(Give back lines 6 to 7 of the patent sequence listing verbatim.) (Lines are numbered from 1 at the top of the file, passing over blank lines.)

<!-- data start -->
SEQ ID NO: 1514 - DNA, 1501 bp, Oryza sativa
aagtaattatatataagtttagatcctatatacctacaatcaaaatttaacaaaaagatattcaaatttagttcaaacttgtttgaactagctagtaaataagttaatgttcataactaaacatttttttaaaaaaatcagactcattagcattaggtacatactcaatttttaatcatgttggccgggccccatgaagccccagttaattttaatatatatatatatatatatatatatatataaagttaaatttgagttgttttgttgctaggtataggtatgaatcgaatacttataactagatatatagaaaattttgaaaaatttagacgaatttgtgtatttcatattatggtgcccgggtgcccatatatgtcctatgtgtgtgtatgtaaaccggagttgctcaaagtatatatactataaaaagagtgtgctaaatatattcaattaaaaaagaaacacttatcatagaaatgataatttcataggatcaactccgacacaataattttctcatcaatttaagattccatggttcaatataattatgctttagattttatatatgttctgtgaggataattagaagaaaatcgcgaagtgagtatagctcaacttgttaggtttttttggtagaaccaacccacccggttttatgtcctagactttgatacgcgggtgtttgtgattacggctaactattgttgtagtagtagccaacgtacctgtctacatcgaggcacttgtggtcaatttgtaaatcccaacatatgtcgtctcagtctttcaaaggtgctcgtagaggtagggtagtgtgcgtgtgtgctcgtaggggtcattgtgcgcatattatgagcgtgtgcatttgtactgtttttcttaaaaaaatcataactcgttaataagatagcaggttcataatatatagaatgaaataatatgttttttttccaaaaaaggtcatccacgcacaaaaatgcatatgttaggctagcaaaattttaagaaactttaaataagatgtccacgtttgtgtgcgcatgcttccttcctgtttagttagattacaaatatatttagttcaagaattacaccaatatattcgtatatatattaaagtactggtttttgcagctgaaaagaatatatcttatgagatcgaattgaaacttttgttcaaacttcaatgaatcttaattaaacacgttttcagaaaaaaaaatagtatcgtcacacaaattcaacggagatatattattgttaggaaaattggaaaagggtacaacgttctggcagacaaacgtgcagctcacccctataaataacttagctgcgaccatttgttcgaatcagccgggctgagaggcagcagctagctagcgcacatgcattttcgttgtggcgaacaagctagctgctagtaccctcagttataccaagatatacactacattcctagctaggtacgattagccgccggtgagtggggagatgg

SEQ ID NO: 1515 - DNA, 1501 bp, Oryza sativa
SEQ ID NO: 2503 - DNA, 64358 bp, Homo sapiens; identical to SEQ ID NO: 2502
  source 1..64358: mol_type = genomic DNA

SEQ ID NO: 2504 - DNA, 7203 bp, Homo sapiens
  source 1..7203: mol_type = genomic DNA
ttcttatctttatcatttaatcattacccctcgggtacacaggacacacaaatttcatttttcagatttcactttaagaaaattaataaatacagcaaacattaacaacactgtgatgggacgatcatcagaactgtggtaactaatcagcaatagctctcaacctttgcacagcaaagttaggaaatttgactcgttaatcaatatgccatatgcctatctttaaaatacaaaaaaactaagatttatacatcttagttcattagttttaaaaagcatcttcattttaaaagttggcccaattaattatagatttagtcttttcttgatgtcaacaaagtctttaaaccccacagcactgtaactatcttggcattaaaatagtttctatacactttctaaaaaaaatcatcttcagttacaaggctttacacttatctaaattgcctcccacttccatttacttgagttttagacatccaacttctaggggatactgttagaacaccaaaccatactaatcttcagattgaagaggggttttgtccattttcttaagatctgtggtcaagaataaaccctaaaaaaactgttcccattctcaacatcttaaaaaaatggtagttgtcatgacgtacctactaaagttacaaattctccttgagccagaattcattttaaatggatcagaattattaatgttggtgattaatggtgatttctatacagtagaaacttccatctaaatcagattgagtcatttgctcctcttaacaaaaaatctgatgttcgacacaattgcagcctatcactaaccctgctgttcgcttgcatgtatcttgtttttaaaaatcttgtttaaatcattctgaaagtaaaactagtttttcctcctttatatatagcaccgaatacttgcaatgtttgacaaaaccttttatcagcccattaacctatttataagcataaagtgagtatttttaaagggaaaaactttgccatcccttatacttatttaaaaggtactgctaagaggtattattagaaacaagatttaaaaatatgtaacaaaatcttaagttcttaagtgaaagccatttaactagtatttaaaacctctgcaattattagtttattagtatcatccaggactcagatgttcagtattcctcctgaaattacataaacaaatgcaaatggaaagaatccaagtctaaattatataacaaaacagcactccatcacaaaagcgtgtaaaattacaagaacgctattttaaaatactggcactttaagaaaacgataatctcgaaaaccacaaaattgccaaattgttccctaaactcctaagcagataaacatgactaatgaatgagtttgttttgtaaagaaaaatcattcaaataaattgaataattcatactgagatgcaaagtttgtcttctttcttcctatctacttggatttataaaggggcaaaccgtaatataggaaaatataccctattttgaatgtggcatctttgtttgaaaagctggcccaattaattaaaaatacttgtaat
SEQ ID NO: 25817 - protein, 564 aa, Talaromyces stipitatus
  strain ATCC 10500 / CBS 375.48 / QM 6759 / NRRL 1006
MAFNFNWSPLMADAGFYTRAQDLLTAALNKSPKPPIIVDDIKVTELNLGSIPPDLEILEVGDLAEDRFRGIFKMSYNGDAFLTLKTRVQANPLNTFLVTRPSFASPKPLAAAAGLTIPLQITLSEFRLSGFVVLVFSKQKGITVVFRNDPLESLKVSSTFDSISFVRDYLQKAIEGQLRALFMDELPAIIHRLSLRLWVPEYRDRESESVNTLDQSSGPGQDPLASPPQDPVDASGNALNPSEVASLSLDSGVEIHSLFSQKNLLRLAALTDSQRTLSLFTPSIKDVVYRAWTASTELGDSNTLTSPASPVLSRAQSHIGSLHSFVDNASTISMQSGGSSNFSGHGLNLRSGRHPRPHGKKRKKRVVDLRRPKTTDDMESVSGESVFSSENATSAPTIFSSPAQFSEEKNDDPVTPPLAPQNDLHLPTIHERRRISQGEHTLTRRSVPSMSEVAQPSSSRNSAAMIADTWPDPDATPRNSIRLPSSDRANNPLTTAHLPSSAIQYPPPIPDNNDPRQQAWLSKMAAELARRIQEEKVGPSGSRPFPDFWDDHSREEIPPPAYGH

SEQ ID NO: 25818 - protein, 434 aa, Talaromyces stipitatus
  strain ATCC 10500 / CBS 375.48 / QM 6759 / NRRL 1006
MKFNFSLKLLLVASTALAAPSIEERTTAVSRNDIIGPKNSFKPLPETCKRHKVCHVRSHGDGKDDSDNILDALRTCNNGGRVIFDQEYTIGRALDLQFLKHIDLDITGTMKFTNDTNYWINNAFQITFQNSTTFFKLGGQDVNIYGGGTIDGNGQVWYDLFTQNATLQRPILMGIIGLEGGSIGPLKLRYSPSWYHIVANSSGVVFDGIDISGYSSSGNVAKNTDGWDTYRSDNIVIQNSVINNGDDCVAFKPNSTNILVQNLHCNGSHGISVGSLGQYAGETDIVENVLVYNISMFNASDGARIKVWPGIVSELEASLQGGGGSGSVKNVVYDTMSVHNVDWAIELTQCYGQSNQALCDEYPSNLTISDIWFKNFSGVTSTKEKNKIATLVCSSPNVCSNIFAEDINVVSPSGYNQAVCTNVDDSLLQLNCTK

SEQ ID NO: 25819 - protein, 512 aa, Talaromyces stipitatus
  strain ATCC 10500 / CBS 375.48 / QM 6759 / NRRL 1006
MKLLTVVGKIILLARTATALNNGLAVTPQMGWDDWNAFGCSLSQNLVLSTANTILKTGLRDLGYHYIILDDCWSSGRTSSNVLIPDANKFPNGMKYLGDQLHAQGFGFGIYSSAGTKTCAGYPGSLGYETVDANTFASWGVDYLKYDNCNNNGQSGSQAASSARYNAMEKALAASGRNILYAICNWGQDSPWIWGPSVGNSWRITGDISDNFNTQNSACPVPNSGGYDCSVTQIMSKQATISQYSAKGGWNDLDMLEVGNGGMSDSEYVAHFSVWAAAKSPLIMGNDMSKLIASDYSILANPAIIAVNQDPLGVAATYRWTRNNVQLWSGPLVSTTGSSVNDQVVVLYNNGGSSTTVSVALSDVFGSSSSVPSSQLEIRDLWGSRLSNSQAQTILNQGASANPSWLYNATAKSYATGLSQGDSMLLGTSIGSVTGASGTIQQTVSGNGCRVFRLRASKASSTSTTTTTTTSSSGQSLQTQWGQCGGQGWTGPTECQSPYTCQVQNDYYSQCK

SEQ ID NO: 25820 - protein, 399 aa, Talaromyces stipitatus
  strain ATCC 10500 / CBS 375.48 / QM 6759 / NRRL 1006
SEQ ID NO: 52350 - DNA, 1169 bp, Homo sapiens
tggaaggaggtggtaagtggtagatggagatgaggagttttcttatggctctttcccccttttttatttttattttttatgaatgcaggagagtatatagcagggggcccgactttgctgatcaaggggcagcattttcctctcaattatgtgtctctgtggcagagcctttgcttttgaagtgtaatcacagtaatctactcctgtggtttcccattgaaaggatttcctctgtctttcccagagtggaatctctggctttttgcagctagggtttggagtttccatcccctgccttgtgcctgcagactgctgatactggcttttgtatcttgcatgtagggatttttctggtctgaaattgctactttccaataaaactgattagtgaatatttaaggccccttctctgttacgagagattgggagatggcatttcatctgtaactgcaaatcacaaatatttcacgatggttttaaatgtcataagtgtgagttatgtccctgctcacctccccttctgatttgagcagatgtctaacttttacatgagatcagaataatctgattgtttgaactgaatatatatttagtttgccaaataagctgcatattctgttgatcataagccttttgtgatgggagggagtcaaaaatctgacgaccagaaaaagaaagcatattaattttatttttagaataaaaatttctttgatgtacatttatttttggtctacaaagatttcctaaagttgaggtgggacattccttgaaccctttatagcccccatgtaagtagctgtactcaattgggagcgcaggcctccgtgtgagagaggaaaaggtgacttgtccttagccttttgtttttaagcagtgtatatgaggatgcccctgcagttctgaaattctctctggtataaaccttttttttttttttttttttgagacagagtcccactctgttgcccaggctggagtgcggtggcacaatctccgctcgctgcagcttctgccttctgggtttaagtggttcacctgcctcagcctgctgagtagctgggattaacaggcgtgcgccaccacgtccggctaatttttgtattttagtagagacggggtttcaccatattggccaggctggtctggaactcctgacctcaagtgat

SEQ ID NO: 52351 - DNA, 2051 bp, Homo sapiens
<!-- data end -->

SEQ ID NO: 2504 - DNA, 7203 bp, Homo sapiens
  source 1..7203: mol_type = genomic DNA